Welcome, weebs, to Animated Observations
Thank you all for once again stopping by for another OWLS tour. This months theme is mindfulness.
For the past few months, things have been pretty hectic. Everyone’s lives have changed to some degree, and we can’t help but feel anxious, nervous, and overwhelmed. This month we will be focusing on ourselves and keeping a strong peace of mind with our theme, “Mindfulness.” We will be analyzing characters that have crafted and practiced their own philosophy on life and have spread their beliefs to others. We will also be talking about habits, hobbies, and things that are keeping us sane, positive, and peace within our souls.
For this month’s post, I wanted to do a follow up to last month, in which I talked about the need to adapt in “March Comes in Like a Lion.” With that said, I hope you all enjoy.
In last month’s post I talked about how the people around Rei were a big reason he was able to adapt to his new life outside his adopted family. Arguably the most important influence outside of the Kawamoto sisters is Shimada.
Before meeting Shimada, Rei was in a place of extreme struggle, both personally and professionally. Not only was his relationship with his family, especially his sister, still incredibly uncomfortable, he was also quickly losing any love he had left for shogi.
While participating in the King’s Tournament, Rei vowed to beat Gotou for supposedly wronging his sister Kyouko. Now, there is a lot wrong here that is also worth dissecting that would probably reveal a good amount of Rei’s thought process. However, before he can get his revenge on Gotou he loses to the A ranked Shimada.
At first, Rei is confused. He barely comprehends what happens, and ultimately does not even remember half of the game. After eventually swallowing his pride about his loss, Rei looks to Shimada for guidance about his play. Shimada then decides to accept him as a student at his shogi summer camp.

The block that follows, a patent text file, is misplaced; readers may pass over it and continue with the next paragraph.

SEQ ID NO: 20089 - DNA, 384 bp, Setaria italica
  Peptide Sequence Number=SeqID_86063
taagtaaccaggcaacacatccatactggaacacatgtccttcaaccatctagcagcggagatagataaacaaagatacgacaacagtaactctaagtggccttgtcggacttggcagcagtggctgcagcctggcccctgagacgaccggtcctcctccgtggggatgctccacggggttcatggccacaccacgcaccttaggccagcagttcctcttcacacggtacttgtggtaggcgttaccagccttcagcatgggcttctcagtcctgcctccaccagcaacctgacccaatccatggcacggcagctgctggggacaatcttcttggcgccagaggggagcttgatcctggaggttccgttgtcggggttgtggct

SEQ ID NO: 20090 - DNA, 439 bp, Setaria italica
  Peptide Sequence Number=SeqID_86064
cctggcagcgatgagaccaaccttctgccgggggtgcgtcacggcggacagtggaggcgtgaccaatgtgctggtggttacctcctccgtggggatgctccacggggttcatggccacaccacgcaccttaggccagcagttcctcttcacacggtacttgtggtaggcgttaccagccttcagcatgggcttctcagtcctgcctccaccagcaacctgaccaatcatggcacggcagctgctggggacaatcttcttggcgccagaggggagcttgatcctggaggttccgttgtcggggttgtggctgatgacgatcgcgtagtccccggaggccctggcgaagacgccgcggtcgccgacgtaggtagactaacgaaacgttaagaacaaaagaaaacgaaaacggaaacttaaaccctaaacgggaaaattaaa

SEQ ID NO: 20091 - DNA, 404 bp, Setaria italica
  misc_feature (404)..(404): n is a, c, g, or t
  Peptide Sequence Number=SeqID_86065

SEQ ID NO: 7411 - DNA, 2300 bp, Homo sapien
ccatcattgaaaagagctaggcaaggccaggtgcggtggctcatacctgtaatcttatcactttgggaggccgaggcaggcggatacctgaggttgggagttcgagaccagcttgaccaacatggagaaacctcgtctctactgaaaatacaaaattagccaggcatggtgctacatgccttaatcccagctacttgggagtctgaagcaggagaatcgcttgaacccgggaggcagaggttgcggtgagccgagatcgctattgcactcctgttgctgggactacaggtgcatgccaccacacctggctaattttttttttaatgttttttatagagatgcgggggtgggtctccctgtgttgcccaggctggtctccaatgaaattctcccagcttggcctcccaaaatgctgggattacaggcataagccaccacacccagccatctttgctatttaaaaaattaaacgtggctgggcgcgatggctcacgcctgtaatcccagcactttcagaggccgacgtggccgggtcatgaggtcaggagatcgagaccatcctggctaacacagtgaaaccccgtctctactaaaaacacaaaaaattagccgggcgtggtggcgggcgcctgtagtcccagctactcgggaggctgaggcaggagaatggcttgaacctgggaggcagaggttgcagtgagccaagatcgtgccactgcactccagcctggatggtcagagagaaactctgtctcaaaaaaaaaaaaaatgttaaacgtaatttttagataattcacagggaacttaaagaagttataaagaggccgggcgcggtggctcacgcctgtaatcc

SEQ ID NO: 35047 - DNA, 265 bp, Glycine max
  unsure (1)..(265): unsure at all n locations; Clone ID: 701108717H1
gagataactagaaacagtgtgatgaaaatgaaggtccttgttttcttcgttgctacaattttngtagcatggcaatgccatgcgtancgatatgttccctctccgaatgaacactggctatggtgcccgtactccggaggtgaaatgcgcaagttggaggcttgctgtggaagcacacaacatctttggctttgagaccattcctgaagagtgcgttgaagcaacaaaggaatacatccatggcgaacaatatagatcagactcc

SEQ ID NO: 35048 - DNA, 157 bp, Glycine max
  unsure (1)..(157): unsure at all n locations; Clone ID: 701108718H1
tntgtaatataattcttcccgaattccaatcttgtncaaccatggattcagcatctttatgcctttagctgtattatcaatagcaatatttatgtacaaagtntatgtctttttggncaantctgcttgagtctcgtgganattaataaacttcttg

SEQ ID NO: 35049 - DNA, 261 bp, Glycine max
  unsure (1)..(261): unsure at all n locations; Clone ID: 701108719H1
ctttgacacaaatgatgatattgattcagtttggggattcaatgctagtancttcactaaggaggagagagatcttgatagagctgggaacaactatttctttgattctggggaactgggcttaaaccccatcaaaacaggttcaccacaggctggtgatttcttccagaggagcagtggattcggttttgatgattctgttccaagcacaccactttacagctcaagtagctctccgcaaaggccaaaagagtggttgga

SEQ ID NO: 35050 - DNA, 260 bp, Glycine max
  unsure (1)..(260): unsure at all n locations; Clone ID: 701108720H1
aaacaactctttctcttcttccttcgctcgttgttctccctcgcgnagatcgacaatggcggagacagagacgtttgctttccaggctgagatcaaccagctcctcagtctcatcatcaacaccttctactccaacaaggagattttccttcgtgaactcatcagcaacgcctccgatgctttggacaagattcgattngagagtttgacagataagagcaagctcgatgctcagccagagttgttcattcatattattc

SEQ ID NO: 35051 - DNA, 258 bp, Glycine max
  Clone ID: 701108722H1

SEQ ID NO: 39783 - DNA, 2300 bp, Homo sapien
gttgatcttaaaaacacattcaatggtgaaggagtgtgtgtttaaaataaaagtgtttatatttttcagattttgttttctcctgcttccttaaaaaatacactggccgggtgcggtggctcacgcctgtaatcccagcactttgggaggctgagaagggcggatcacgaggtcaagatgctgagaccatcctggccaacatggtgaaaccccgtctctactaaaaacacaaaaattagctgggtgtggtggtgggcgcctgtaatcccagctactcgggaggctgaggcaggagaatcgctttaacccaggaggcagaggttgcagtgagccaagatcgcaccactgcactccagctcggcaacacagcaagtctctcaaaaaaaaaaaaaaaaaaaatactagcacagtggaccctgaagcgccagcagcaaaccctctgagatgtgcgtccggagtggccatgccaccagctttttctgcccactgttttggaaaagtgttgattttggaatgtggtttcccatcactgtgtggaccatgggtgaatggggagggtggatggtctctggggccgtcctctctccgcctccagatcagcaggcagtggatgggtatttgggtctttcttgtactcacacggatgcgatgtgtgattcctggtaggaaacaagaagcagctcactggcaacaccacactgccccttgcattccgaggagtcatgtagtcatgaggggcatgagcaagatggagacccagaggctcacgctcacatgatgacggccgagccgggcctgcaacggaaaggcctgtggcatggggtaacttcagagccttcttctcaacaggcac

While his usual tired, unimpressed expression often hides it, Shimada is someone who has a ton of love for the game of shogi. Not only does he run his summer camp, helping both Rei and Nikaidou, but also actively coaches Rei one on one. Shimada is someone who has a sincere love of the thing he does, and because of that is willing to spend time on others who also want to get better.
Much of this positive presentation rubs off on Rei, and because of this, he starts to find his love of the game again. While watching Shimada play against shogi grandmaster Souya after the King’s Tournament, Rei realizes just how amazing the game can be at a high level.
This not only inspires Rei’s love for the game again, but makes him want to do better. Before meeting Shimada, Rei’s rank was at risk of slipping while Nikkaidou was ready to become a B ranked player.
For so long Rei had been carried by his natural ability for the game that hitting a wall nearly made him quit. However, meeting Shimada turned out to be one of the best things for him.
While it may seem childish to some, looking up to those who are better than you can be great for improvement at nearly anything. Using myself as an example, starting last year I wanted to get better at playing Smash Bros competitively.
I had always played against my friends, but I was never able to learn much because I did not own the game, and rarely had the ability to practice. However, when Smash Ultimate came out, I got pretty serious about getting better.
I spent about the last year practicing, and the results have definitely paid off. Not only am I able to perform a ton of combos I could not do before, I also am getting much better at going against top players in my region. Ultimately what Shimada ends up teaching Rei is two-fold. One is to love the game again, and two is to dedicate himself to the things he loves.
What other things should we be mindful of in these times? Let me know in the comments below.
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If you can’t, or just don’t feel like it, no worries. Thank you all for reading, and goodbye, for now, friends!